NEW YORK — The Red Sox can’t come out and say their season is over. With nearly seven weeks left, it’s still too early to think like that. Their own collapse last season proved anything can happen in baseball.
But a 4-1 loss against the Yankees Sunday night left the Sox looking like a dead team.
At 59-63, the Sox are 13½ games behind the Yankees in the American League East and 7½ games out in the wild-card race with 40 games left.
With their playoff hopes on life support, the Sox are expected to announce Monday that left fielder Carl Crawford will undergo season-ending surgery on his left elbow. It would be a tacit acknowledgment that Crawford is better served preparing for next season than playing out the string this year.
Crawford had one hit in what may be his final game, one of the five the Sox had. They weren’t nearly enough as Beckett allowed four runs over six innings.
Ichiro Suzuki hit two solo home runs for the Yankees, the second one earning him a curtain call from the sellout crowd of 48,620. The Yankees hit eight home runs in the series, all without a runner on base.
The Sox were 4-6 on their road trip and have dropped eight of their last 12 games. They open a seven-game homestand Tuesday before what could be a hostile crowd at Fenway Park given the team’s run of bad news on and off the field.
“All we can do is keep playing,” Beckett said.
The first inning, as is often the case, was not a good one for Beckett.
Derek Jeter led off and smacked the second pitch he saw — a 92-mile-per-hour fastball that hung right over the middle of the plate — over the head of center fielder Jacoby Ellsbury for a double.
Jeter advanced to third when Nick Swisher grounded to second base. Beckett then struck out Robinson Cano and got ahead of Curtis Granderson, 1 and 2.
But Beckett left a cut fastball over the plate and Granderson lined it to right field for an RBI double.
Beckett, who was pitching in his 300th regular-season game, has allowed at least one run in the first inning in nine of his 21 starts.
The one run Sunday night actually lowered his earned run in the first inning from 9.90 to 9.86.
Jeter doubled to center field with one out in the third inning. After Swisher walked and the Yankees executed a double steal, Beckett bounced a curveball in front of the plate that skipped past rookie catcher Ryan Lavarnway. The wild pitch scored Jeter.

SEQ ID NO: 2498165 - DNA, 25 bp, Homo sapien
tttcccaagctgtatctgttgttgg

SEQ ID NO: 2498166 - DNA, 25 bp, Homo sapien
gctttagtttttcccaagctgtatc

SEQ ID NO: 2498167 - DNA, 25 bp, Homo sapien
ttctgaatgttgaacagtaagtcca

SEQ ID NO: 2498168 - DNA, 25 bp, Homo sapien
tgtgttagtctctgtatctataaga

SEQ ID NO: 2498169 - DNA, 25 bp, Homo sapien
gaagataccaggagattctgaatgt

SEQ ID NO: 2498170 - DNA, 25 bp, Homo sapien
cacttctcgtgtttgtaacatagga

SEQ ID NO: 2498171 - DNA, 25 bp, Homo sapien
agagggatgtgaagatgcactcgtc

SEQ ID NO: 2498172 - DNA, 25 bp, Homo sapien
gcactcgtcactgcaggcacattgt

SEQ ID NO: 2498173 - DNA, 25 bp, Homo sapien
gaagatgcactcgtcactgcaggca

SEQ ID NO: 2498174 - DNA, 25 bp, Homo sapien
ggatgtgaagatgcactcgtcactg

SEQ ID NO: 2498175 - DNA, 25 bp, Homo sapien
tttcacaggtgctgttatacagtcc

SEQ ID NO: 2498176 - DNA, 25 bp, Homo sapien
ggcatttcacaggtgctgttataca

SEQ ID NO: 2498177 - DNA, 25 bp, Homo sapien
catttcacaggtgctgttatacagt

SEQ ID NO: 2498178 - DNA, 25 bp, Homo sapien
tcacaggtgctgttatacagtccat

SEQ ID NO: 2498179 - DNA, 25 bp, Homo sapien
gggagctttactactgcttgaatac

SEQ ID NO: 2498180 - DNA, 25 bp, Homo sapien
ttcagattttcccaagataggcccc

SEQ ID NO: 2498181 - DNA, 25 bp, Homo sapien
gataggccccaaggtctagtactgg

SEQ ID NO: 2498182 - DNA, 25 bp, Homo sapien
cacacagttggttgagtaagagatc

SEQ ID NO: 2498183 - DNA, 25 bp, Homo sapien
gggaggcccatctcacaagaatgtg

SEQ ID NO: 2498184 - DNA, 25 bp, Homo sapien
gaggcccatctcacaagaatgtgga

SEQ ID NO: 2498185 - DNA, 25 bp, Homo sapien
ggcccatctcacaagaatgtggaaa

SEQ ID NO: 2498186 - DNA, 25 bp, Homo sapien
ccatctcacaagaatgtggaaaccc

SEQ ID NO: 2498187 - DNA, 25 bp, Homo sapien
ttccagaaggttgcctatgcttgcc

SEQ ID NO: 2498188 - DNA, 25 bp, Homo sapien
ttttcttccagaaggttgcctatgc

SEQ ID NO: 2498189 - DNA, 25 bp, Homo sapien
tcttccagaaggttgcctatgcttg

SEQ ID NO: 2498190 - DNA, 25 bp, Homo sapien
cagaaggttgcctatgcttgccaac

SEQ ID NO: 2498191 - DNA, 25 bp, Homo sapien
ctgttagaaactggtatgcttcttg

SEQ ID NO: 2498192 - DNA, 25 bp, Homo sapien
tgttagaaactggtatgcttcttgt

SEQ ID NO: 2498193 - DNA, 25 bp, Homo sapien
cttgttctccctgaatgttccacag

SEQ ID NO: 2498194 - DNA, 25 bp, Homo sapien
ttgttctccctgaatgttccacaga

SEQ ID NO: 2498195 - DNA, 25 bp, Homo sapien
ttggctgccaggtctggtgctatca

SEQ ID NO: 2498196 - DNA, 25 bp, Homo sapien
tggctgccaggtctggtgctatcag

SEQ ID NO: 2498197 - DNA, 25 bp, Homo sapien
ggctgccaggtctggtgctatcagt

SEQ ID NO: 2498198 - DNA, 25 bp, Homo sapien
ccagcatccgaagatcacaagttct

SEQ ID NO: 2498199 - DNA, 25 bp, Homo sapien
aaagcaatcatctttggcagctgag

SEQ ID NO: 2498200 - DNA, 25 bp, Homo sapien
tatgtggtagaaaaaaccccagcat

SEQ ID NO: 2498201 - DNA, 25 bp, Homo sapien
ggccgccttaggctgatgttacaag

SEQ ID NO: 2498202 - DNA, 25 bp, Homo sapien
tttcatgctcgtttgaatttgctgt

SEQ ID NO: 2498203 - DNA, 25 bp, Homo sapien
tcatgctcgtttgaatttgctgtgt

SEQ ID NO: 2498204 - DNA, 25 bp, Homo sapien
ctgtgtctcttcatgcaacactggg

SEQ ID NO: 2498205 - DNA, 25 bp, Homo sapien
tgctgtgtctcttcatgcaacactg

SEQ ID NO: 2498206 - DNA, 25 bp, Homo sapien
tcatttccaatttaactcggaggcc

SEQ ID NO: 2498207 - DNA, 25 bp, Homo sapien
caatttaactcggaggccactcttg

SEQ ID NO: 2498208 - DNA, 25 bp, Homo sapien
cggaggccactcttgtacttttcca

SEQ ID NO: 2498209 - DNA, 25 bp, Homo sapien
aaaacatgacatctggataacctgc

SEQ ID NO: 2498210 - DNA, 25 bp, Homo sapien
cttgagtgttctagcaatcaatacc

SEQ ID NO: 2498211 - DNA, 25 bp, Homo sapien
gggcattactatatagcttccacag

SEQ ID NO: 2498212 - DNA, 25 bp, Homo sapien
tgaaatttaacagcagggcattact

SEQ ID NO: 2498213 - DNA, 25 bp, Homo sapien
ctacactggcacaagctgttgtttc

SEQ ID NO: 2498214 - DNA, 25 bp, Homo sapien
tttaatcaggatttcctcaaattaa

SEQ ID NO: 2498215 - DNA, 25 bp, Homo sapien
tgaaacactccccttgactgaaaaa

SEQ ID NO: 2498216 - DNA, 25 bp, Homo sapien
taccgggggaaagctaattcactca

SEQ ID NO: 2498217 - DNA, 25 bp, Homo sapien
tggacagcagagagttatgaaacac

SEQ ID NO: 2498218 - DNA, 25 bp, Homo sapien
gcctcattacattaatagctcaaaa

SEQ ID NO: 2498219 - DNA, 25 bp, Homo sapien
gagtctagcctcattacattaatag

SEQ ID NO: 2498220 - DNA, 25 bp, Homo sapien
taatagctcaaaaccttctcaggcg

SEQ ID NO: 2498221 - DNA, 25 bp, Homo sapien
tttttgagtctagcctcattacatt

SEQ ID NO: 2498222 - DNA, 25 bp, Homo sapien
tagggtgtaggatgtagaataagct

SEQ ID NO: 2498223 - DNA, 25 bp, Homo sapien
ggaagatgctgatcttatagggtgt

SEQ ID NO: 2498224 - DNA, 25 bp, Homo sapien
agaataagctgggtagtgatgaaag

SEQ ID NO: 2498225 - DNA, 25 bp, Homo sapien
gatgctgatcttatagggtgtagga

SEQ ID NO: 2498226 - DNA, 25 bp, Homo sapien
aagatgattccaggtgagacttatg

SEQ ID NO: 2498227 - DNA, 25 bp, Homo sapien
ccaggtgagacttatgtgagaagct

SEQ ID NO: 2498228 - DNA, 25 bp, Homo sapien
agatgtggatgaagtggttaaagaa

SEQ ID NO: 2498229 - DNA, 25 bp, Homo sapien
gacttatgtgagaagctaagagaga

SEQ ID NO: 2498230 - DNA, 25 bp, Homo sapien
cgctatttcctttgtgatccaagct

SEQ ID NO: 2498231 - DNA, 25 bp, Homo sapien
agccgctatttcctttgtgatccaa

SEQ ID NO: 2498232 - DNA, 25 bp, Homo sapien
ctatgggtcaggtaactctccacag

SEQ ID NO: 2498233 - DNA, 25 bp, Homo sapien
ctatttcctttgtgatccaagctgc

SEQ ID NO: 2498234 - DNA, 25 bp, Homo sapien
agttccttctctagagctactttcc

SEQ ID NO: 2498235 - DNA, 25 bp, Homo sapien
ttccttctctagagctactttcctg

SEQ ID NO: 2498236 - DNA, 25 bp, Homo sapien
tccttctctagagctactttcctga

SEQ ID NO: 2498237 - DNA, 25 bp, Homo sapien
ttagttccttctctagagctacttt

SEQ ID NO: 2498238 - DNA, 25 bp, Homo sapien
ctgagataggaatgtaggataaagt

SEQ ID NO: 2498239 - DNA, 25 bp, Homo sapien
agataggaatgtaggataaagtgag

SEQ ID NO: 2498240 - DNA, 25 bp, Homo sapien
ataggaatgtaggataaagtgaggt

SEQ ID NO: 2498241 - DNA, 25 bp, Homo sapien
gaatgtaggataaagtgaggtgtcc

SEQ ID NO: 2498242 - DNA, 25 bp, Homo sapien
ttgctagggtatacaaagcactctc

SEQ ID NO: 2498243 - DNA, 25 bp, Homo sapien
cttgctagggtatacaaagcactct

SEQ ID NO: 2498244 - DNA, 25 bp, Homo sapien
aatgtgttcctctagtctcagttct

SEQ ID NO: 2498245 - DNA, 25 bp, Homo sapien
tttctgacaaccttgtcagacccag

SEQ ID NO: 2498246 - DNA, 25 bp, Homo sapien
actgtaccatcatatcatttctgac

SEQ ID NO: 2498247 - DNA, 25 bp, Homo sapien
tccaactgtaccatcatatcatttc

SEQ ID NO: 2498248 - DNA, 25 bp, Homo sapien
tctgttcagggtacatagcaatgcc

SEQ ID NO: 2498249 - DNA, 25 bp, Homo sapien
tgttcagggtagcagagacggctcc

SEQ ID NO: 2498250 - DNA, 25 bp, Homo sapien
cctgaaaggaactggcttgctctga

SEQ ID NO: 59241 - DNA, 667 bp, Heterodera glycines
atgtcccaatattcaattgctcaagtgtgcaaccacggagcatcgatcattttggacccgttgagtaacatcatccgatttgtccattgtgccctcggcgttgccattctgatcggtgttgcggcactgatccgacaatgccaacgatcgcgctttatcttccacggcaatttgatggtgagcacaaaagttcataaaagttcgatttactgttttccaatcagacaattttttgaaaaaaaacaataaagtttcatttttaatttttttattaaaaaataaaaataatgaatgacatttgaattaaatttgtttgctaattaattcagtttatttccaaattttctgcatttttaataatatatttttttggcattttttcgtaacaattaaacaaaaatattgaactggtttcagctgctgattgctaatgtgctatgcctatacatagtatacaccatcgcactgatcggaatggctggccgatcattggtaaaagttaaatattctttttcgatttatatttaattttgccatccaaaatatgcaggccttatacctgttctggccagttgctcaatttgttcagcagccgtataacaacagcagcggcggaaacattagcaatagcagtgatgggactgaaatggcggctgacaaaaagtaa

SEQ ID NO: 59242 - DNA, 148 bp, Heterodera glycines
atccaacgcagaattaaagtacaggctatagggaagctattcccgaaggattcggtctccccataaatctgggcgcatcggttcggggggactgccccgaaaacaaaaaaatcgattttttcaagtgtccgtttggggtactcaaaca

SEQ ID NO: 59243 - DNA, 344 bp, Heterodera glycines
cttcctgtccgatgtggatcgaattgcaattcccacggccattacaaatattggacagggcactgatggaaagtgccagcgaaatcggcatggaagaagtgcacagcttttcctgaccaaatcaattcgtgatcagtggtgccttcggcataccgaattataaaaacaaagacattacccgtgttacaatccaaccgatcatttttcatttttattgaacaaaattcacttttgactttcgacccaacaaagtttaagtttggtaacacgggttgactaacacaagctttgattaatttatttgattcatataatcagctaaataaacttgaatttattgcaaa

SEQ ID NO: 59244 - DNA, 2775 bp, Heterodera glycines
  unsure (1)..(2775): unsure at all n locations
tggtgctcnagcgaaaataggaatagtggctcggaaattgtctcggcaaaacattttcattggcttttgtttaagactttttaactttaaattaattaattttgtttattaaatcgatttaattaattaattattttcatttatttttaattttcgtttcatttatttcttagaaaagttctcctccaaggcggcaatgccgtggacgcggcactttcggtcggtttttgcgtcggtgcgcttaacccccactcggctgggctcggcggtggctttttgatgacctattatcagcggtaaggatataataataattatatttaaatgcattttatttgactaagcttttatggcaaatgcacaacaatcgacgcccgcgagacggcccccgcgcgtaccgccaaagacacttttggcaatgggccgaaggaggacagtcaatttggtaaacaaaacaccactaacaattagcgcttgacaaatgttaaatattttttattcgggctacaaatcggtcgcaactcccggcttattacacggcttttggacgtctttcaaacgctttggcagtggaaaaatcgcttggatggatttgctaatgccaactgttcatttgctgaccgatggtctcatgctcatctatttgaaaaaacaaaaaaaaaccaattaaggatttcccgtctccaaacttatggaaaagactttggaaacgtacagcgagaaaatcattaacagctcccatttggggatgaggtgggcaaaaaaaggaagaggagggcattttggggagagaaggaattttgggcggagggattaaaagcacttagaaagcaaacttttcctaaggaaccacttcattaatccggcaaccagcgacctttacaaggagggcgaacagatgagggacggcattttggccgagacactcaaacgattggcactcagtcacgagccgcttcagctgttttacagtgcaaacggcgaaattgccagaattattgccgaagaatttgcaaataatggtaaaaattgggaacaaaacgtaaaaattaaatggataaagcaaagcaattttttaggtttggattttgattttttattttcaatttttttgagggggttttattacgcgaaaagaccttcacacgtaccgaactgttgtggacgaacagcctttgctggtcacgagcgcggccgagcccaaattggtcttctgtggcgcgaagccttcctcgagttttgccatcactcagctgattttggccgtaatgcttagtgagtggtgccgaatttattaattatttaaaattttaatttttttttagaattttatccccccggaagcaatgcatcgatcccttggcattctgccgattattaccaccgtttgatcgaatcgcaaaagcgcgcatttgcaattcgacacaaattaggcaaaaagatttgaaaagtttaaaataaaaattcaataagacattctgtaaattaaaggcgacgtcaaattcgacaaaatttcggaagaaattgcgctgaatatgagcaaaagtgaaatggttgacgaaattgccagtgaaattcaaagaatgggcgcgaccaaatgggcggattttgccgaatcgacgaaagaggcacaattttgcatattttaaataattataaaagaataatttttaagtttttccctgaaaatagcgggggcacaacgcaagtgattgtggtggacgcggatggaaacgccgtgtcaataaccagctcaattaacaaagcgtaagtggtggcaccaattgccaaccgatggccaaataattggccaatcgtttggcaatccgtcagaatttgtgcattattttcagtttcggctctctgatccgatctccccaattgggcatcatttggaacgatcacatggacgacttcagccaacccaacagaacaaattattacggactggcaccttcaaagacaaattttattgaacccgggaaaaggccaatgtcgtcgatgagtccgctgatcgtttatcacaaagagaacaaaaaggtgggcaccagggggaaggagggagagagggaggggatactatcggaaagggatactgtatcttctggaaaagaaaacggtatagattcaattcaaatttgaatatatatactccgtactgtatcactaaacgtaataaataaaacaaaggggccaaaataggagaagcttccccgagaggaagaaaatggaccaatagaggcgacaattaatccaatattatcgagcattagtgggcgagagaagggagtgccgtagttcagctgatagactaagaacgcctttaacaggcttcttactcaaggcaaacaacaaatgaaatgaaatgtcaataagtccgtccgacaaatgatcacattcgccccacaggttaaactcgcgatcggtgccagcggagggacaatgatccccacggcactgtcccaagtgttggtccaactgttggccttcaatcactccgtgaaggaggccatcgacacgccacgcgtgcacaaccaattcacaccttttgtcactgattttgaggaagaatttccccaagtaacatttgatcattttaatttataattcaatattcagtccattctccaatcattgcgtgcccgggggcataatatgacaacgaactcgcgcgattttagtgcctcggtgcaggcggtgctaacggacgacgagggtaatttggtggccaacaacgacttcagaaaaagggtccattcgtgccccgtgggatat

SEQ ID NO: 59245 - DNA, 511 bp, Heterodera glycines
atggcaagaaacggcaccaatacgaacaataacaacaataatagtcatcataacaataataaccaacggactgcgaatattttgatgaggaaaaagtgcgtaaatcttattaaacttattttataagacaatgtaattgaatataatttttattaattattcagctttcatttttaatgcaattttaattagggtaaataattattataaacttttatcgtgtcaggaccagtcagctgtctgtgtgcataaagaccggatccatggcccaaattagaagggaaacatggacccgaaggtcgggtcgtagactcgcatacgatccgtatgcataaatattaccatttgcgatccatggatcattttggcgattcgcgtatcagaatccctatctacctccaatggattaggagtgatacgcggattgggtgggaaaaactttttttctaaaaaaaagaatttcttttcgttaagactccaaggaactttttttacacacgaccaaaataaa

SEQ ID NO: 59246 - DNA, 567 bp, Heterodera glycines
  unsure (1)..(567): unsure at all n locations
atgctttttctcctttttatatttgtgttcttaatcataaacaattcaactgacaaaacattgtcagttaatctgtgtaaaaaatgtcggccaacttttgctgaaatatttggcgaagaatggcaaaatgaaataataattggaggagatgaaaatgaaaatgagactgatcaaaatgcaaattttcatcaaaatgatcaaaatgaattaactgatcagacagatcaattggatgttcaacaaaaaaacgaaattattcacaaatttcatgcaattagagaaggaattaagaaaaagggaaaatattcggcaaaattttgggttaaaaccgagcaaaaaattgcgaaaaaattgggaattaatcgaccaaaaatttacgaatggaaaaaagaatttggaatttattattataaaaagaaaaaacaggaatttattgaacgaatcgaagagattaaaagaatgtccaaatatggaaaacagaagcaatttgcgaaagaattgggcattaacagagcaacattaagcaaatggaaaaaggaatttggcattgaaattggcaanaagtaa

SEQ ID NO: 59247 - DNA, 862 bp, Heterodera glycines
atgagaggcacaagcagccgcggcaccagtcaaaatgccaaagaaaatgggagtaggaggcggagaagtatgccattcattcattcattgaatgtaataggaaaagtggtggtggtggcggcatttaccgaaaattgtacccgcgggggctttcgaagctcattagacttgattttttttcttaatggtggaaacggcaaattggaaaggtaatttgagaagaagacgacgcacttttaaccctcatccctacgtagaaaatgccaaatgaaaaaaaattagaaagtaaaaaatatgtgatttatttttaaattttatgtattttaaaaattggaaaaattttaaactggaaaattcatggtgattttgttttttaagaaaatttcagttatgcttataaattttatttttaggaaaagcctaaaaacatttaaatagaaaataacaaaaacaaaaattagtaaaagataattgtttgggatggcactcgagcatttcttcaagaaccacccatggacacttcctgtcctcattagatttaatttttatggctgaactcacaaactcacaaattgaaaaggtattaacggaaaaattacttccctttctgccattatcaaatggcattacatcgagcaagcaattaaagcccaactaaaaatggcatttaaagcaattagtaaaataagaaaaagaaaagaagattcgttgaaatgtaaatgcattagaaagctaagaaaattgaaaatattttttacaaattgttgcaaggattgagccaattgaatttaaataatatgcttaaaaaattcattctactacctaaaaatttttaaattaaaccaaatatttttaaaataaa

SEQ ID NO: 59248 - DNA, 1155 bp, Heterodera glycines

“Not sure where it bounced to, but it was off to the side,” Lavarnway said.
The next two runs came courtesy of Suzuki. He lined a fastball over the fence in right field in the fourth inning and did the same to another fastball in the sixth inning.
Suzuki has been rejuvenated since being acquired by the Yankees on July 23, hitting .322 over 26 games and playing all three outfield positions with his customary flair.
Beckett (5-11) lasted six innings, giving up four runs on seven hits with three walks and six strikeouts.
“It’s a work in progress I guess. Still [bad] results,” he said.
Beckett, who last won a game July 15, has a 7.59 ERA in his last six starts.
Yankees starter Hiroki Kuroda (12-8) was working on a two-hit shutout in the seventh inning when Adrian Gonzalez homered to right field. It was the 15th home run for Gonzalez and gave him 40 RBIs in 34 games since the All-Star break, the most in the majors.
Gonzalez has 85 RBIs on the season, fifth in the American League. After a poor start, he has played to his usual level.
Kuroda was otherwise unscathed. He allowed one run on four hits over eight innings. He struck out four without a walk.
“We never got him out of his rhythm,” manager Bobby Valentine said.
Kuroda has given up three earned runs over 16 innings in his last two starts against the Sox.
Kuroda is 4-1 with a 1.39 ERA in his last six starts. With CC Sabathia on the disabled list, Kuroda has helped the Yankees maintain their hold on first place in the AL East.
“Boston’s a good offensive team, and I don’t know how many starts this is in a row for him, but he was pretty much in control the entire time,” Jeter said. “He’s a big part of this team, and been pitching extremely well. We have a lot of confidence with him when he’s on the mound, and he’s kept us in a lot of the games he’s pitched.”
The Yankees signed Kuroda to a one-year, $10 million deal over the winter. The Red Sox passed on pursuing the 37-year-old righthander, believing that their starting pitching was strong enough to compete for the division title.
Thanks in part to the poor work of Beckett, that proved to be a fatal miscalculation.